1. Rosenberg, Karen


According to this study:


* In adults who were obese or overweight, once-weekly subcutaneous semaglutide administration in addition to lifestyle interventions resulted in sustained, clinically relevant weight loss.



Article Content

Maintaining long-term weight loss is challenging, even with lifestyle interventions, such as diet and exercise. Clinical guidelines suggest the use of adjunctive drug therapy, especially in people who have a body mass index of 30 or higher; however, the use of these medications remains limited because of cost and safety concerns, among other reasons. A global phase 3 trial evaluated the efficacy and safety of semaglutide administered subcutaneously compared with placebo as an adjunct to lifestyle interventions for the management of overweight or obesity.


A total of 1,961 adults who are obese or overweight and who had one or more weight-related coexisting conditions, but not diabetes, were included in the study. They were randomly assigned to once-weekly treatment with 2.4 mg of subcutaneous semaglutide, a glucagon-like peptide-1 analogue used to manage type 2 diabetes, or placebo for 68 weeks, plus lifestyle intervention.


At week 68, the mean weight change was -14.9% among those who received semaglutide compared with -2.4% for those in the placebo group. Participants who received semaglutide were more likely than placebo recipients to lose 5% or more, 10% or more, or 15% or more of baseline body weight at week 68. Among the participants for whom data were available at week 68, 86.4% attained at least a 5% weight loss. Compared with those receiving placebo, participants who received semaglutide also had greater reductions from baseline in waist circumference and blood pressure. Benefits were also noted regarding changes in levels of glucose, C-reactive protein, and lipids, and in physical functioning scores.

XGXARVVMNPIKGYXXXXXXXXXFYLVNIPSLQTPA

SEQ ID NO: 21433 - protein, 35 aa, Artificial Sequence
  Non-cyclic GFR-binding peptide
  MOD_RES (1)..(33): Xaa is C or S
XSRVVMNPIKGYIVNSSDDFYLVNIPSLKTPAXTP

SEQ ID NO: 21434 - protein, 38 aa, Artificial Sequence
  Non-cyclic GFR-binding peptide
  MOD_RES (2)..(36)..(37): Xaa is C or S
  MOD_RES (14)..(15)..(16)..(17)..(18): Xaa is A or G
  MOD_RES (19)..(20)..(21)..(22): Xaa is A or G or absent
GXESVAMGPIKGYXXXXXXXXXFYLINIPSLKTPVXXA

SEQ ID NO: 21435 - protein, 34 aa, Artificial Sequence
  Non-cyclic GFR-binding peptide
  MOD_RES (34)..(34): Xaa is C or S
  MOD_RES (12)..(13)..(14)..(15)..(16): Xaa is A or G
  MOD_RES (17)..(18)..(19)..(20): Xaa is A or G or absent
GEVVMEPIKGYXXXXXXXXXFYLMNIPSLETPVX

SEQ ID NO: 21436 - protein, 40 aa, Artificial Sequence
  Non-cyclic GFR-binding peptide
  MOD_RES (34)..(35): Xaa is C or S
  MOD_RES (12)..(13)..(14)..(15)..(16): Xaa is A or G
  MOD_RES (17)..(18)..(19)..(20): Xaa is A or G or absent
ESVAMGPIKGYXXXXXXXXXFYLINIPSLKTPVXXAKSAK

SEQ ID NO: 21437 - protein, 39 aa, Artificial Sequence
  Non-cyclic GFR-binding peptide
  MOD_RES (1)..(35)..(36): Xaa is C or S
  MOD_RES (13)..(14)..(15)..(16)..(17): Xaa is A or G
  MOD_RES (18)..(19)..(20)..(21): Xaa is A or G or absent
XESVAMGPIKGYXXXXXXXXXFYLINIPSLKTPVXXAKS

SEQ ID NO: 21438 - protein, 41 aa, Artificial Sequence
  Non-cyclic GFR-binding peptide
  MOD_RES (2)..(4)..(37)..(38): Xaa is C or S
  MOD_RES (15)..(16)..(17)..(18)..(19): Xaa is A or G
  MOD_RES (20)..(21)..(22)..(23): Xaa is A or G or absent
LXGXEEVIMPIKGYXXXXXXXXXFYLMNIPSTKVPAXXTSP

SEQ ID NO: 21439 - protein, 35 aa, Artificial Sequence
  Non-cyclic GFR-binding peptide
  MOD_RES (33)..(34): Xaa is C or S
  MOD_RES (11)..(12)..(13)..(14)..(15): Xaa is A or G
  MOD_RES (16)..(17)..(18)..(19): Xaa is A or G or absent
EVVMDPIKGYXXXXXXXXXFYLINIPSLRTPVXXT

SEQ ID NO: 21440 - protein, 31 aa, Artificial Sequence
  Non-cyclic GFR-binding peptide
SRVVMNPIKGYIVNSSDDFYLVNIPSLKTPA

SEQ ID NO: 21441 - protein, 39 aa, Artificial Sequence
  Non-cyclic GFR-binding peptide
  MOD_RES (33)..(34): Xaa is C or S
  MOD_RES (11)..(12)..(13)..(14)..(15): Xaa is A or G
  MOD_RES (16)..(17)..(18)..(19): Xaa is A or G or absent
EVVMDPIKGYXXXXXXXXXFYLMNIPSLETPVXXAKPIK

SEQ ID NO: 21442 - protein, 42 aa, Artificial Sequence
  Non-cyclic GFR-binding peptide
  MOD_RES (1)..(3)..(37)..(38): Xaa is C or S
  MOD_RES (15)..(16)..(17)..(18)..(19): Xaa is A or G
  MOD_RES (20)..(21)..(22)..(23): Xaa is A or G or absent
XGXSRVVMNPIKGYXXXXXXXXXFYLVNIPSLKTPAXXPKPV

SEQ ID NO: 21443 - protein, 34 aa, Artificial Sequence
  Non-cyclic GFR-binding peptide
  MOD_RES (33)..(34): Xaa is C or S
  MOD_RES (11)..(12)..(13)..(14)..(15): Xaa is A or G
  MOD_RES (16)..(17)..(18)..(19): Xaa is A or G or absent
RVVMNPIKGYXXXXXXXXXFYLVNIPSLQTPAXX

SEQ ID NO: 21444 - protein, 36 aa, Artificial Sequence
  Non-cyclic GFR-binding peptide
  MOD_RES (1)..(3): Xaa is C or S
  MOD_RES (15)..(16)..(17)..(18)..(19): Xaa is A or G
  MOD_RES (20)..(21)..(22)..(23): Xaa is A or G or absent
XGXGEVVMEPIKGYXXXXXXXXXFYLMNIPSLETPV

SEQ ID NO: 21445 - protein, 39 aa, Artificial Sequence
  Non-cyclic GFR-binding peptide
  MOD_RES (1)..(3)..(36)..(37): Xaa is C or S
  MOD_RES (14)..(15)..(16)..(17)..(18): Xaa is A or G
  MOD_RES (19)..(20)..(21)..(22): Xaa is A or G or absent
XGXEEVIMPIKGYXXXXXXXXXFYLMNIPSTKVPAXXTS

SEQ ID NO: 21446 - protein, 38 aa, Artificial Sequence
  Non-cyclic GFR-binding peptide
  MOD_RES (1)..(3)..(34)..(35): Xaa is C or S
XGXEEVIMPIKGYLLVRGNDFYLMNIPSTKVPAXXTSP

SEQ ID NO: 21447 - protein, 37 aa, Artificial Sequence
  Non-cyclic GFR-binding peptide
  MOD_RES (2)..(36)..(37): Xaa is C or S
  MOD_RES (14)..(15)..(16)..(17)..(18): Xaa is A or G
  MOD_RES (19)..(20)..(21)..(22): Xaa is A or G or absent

Gastrointestinal disorders, the most common adverse events, occurred more often in the semaglutide group than in the placebo group. Most gastrointestinal events were mild to moderate and resolved without permanent discontinuation of treatment. More participants in the semaglutide group discontinued treatment because of adverse events.


Limitations of the trial included the preponderance of women and white participants, its relatively short duration, the exclusion of people with type 2 diabetes, and the possibility that participants who enrolled may have been more committed to weight loss than the general population.


Wilding JPH, et al. N Engl J Med 2021;384(11):989.